Friday, November 10, 2006


Feast, Dedication of the Lateran Basilica

November 9, 2006
Feast, Dedication of the Lateran Basilica

EZEKIEL 43:1-2, 4-7

Then he led me to the gate which faces the east, and there I saw the
glory of the God of Israel coming from the east. I heard a sound like
the roaring of many waters, and the earth shone with his glory. as the
glory of the LORD entered the temple by way of the gate which faces the
east, but spirit lifted me up and brought me to the inner court. And I
saw that the temple was filled with the glory of the LORD. Then I heard
someone speaking to me from the temple, while the man stood beside me.
The voice said to me: Son of man, this is where my throne shall be,
this is where I will set the soles of my feet; here I will dwell among
the Israelites forever. Never again shall they and their kings profane
my holy name with their harlotries and with the corpses of their kings
(their high places).

1 CORINTHIANS 3:9C-11, 16-17

Brothers and sisters: You are God's building. According to the grace of
God given to me, like a wise master builder I laid a foundation, and
another is building upon it. But each one must be careful how he builds
upon it, for no one can lay a foundation other than the one that is
there, namely, Jesus Christ. Do you not know that you are the temple of
God, and that the Spirit of God dwells in you? If anyone destroys God's
temple, God will destroy that person; for the temple of God, which you
are, is holy.

JOHN 2:13-22

Since the Passover of the Jews was near, Jesus went up to Jerusalem. He
found in the temple area those who sold oxen, sheep, and doves, as well
as the money-changers seated there. He made a whip out of cords and
drove them all out of the temple area, with the sheep and oxen, and
spilled the coins of the money-changers and overturned their tables,
and to those who sold doves he said, "Take these out of here, and stop
making my Father's house a marketplace." His disciples recalled the
words of Scripture, Zeal for your house will consume me. At this the
Jews answered and said to him, "What sign can you show us for doing
this?" Jesus answered and said to them, "Destroy this temple and in
three days I will raise it up." The Jews said, "This temple has been
under construction for forty-six years, and you will raise it up in
three days?" But he was speaking about the temple of his Body.
Therefore, when he was raised from the dead, his disciples remembered
that he had said this, and they came to believe the Scripture and the
word Jesus had spoken.


Why do we have a special celebration of the dedication of a basilica?
St. John Lateran is the oldest and ranks first among the four great
"patriarchal" basilicas of Rome. The palace of the family of the
Laterani in ancient times occupied the site.

Through the years, the palace came eventually into the hands of
Constantine, the first Christian emperor. Constantine must have given
it to the Church, and a council against the Donatists was held there as
early as 313. From that time onwards it was always the center of
Christian life within the city, the residence of popes and the
cathedral of Rome.

In the Gospel reading, we find a very unusual Jesus. The Gospel usually
describes Jesus as a gentle, loving, compassionate, and forgiving
person. All of a sudden we see his violent angry outburst in the Gospel
reading today. What triggers this violent outburst of anger?

The scripture scholars, William Barclay explains that the Passover was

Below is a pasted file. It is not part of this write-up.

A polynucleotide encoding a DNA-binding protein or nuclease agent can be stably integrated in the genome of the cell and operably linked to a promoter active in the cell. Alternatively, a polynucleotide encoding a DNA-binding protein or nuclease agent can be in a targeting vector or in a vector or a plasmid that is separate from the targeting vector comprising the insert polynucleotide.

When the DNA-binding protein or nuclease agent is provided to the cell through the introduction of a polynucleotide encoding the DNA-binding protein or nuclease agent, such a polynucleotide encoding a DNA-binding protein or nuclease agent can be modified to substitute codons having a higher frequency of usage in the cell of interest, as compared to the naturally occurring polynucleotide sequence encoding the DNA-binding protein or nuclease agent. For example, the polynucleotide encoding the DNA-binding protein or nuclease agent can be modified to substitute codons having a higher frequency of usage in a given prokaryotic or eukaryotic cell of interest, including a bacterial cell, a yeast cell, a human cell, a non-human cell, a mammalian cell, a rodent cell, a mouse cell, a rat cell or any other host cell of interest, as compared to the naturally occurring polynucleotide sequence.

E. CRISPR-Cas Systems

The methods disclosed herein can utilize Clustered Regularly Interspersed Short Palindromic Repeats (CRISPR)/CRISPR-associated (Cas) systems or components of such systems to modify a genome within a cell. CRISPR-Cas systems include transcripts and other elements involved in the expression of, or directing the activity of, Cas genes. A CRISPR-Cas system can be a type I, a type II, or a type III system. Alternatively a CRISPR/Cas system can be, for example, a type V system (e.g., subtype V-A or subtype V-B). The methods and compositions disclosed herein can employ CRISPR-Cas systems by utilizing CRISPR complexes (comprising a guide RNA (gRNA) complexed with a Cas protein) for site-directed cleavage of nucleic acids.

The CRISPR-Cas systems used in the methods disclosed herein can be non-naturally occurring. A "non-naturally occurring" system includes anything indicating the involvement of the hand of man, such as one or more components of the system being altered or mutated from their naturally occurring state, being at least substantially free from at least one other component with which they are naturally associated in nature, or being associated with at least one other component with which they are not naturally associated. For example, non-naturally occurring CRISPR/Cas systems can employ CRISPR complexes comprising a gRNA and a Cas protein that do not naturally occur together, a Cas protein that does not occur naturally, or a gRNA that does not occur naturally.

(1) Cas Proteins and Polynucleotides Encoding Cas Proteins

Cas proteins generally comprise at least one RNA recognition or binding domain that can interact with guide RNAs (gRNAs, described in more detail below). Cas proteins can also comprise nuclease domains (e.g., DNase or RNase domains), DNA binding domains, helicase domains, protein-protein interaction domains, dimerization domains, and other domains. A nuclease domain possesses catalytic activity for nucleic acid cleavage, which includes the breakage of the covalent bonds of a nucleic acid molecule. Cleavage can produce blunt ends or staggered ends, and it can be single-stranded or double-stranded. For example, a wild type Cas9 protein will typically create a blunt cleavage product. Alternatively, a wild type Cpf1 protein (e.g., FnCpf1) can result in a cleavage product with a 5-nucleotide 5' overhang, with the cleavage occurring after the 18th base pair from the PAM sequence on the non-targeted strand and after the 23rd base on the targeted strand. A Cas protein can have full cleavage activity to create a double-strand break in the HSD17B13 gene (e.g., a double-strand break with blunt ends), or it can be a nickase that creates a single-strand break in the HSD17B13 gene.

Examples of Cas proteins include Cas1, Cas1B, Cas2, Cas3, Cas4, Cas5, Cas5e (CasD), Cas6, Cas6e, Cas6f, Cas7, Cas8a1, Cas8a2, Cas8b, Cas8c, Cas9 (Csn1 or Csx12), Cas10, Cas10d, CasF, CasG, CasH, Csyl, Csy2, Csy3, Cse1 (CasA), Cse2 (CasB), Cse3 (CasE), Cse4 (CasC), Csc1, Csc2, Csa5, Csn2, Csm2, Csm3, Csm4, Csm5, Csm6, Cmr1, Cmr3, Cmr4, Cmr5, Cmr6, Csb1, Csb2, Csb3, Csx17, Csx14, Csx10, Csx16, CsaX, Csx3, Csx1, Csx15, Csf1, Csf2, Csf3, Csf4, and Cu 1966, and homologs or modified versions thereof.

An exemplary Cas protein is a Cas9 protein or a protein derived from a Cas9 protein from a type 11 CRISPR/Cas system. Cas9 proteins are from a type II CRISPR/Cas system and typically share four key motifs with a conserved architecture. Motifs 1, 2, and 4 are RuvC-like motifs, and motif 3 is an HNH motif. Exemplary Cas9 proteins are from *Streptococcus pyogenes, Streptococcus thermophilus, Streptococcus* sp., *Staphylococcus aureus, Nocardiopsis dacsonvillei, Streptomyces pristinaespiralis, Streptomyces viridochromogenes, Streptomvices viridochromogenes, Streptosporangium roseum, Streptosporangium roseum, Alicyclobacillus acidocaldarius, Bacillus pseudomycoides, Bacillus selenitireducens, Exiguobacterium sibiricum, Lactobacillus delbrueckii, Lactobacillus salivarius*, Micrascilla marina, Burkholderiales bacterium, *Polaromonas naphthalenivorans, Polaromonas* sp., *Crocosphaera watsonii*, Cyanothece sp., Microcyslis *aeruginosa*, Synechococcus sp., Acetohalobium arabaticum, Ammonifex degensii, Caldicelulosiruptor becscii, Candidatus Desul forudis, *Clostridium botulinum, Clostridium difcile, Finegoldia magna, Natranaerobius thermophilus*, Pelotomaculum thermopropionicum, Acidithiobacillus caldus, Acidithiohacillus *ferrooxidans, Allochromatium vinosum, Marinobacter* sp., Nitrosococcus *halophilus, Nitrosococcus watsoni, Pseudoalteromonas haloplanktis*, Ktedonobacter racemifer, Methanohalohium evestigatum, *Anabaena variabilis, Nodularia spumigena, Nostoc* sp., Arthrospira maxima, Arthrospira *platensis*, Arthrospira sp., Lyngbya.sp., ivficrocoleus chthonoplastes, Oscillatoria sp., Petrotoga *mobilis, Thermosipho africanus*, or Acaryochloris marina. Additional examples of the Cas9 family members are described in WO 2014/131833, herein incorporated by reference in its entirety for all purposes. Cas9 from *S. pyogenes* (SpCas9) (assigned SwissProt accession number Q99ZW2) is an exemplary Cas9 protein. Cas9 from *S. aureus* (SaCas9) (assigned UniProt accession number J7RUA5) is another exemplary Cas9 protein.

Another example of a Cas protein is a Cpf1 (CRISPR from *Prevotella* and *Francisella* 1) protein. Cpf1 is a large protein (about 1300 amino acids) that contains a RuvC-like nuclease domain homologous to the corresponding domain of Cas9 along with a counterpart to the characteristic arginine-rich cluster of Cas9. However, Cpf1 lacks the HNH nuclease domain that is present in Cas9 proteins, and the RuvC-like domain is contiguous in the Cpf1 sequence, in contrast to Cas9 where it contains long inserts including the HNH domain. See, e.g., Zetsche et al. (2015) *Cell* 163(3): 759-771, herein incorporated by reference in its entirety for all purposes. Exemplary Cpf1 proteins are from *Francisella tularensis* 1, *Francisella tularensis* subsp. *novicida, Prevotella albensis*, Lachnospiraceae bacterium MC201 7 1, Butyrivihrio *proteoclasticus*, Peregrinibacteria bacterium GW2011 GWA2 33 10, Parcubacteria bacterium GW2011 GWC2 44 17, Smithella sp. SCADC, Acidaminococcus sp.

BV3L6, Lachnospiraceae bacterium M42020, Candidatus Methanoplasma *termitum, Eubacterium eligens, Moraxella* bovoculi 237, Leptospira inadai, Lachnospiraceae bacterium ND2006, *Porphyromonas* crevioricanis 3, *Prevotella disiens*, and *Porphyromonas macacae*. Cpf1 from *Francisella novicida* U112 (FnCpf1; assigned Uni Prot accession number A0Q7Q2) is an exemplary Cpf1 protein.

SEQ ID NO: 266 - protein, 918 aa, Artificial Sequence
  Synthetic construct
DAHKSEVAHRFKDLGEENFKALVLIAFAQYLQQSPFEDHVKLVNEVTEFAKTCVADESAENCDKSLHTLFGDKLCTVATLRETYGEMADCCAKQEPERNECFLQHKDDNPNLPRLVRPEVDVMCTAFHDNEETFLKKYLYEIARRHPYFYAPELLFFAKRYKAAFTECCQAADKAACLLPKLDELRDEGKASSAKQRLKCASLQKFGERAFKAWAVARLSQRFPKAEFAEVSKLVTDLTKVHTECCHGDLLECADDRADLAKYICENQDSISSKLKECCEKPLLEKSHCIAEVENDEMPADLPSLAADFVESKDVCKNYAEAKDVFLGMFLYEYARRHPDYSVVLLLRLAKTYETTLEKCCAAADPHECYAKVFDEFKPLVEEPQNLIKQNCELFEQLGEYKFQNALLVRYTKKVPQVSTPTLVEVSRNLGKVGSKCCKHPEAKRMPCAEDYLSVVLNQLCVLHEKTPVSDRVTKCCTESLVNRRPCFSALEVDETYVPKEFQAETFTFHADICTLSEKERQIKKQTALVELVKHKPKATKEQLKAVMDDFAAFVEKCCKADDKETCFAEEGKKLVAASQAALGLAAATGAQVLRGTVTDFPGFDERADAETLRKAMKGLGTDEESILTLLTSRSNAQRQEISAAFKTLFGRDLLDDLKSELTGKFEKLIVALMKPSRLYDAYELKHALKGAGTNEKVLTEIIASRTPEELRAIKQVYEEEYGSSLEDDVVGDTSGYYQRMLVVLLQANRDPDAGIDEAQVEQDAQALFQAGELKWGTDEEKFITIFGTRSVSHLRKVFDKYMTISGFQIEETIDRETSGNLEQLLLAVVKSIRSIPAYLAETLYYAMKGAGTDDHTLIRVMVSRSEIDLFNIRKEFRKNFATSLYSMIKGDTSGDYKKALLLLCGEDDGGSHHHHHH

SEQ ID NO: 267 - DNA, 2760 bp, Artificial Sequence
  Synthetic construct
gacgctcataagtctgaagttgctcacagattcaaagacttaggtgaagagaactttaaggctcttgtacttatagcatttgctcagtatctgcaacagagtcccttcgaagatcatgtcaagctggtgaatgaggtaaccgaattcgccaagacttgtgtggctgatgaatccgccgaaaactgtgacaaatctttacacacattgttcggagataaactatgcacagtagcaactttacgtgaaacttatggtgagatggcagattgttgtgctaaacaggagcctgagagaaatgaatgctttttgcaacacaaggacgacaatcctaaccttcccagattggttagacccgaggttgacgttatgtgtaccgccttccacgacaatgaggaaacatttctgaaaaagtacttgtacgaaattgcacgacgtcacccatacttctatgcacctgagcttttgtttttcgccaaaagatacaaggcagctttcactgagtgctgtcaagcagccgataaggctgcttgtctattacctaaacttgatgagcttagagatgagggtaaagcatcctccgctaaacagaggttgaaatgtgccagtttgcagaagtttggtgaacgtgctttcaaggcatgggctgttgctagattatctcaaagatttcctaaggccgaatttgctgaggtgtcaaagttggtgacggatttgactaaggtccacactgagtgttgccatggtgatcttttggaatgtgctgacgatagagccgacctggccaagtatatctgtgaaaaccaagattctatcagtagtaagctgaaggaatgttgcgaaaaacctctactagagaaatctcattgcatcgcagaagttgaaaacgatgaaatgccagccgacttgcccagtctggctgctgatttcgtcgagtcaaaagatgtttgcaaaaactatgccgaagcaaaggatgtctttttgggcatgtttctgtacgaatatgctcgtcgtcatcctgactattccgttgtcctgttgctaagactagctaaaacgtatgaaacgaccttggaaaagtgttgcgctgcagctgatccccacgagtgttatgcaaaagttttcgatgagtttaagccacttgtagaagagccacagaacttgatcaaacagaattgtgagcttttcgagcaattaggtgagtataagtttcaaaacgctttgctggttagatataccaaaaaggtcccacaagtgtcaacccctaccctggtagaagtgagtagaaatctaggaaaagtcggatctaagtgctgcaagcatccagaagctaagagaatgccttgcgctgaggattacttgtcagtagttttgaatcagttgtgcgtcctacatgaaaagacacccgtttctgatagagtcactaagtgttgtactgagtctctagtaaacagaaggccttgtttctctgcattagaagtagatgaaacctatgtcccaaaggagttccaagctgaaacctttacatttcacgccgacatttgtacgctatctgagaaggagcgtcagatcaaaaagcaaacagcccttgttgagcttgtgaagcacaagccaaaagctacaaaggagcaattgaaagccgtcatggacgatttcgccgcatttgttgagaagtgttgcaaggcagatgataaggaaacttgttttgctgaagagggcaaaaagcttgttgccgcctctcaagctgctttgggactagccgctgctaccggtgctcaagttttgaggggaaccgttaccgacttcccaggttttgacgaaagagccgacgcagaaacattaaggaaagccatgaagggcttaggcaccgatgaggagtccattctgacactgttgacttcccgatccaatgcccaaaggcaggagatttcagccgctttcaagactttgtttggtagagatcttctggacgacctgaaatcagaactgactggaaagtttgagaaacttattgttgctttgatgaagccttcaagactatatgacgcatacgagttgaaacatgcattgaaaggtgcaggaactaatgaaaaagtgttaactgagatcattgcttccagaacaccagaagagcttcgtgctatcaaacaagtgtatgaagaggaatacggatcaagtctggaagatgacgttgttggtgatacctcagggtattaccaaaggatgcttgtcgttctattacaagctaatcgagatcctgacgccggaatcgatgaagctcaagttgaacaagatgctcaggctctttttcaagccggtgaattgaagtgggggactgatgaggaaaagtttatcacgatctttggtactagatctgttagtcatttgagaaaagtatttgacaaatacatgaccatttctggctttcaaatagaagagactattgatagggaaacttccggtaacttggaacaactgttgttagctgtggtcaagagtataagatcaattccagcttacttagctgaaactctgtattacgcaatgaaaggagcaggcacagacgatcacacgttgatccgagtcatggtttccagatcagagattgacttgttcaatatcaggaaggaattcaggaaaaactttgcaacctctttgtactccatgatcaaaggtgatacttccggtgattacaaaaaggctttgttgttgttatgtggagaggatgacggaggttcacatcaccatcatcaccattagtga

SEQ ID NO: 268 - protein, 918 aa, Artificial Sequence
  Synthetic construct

the greatest of all Jewish feasts. And the law prescribed that all
adult male Jew who lived within fifteen miles of Jerusalem are bound to
attend it. And at the time of Jesus, the Jews were scattered all over
the world, but they never forget their ancestral faith and their
ancestral land. And it was the dream and aspiration of every Jew, no
matter where they live, to celebrate at least one Passover in
Jerusalem. For this reason, thousands, perhaps millions of pilgrims
flock to Jerusalem for the Passover.

There was a Temple tax that every Jew over nineteen years of age must
pay. The tax was equivalent to two days' wages. For all normal
purposes in Palestine, all kinds of currency were valid. But the Temple
tax had to be paid either in Galilean shekels or in the shekels of the
sanctuary. These were Jewish coins, and so could be used as a gift to
the Temple. The other currencies were foreign and therefore unclean.

Pilgrims arrived from all over the world with all kinds of coins. So in
the Temple courts there sat the moneychangers. If their trade had been
honest and just, they would have been fulfilling an honest and
necessary service. But they manipulated and charged excessive exchange
rates, taking advantage and victimizing the pilgrims. It was a rampant
and shameless social injustice - and what was worse, it was being
done in the name of religion, in the name of serving God

Aside from the moneychangers there were also the sellers of oxen, sheep
and doves. Frequently a visit to the Temple meant a sacrifice. Many a
pilgrim would wish to make a thanksgiving offering for a favorable
journey to the Holy City; and most acts and events in life had their
appropriate sacrifice. It might therefore seem to be natural and
helpful thing that the animals for the sacrifice could be bought in the
Temple court. It might well have been so. But the law was that any
animal offered in sacrifice must be perfect and unblemished. The Temple
authorities had appointed inspectors to examine the animals, which were
to be offered. And for this there was a fee for inspection.

If a worshipper bought an animal outside the Temple, it would most
likely be rejected after examination. Again that might not have
mattered much, but a pair of doves, for example, inside the Temple
court could cost about 200 times more than those sold outside. Here
again a open extortion at the expense of poor and humble pilgrims, who
were practically blackmailed into buying their victims from the Temple
booths if they wished to sacrifice at all - once more a glaring
social injustice aggravated by the fact that it was perpetrated in the
name of pure religion.

It was the exploitation of the pilgrims by conscienceless men connected
with people in authority in the Temple that moved Jesus to such anger
and violence. Because Jesus loved God, as he loved God's children,
and it was impossible for him to stand passively by while the
worshippers of Jerusalem were being victimized that way.

But there was an even deeper reason behind the cleansing of the Temple.
Matthew's account says, "My house shall be called a house of
prayer, but you make it a den of robbers." (Matt. 21:13). Mark puts
it, "My house shall be called a house of prayer for all nations. But
you have made it a den of robbers." (Mark 11:17). Luke has it, "My
house shall be a house of prayer; but you have made it a den of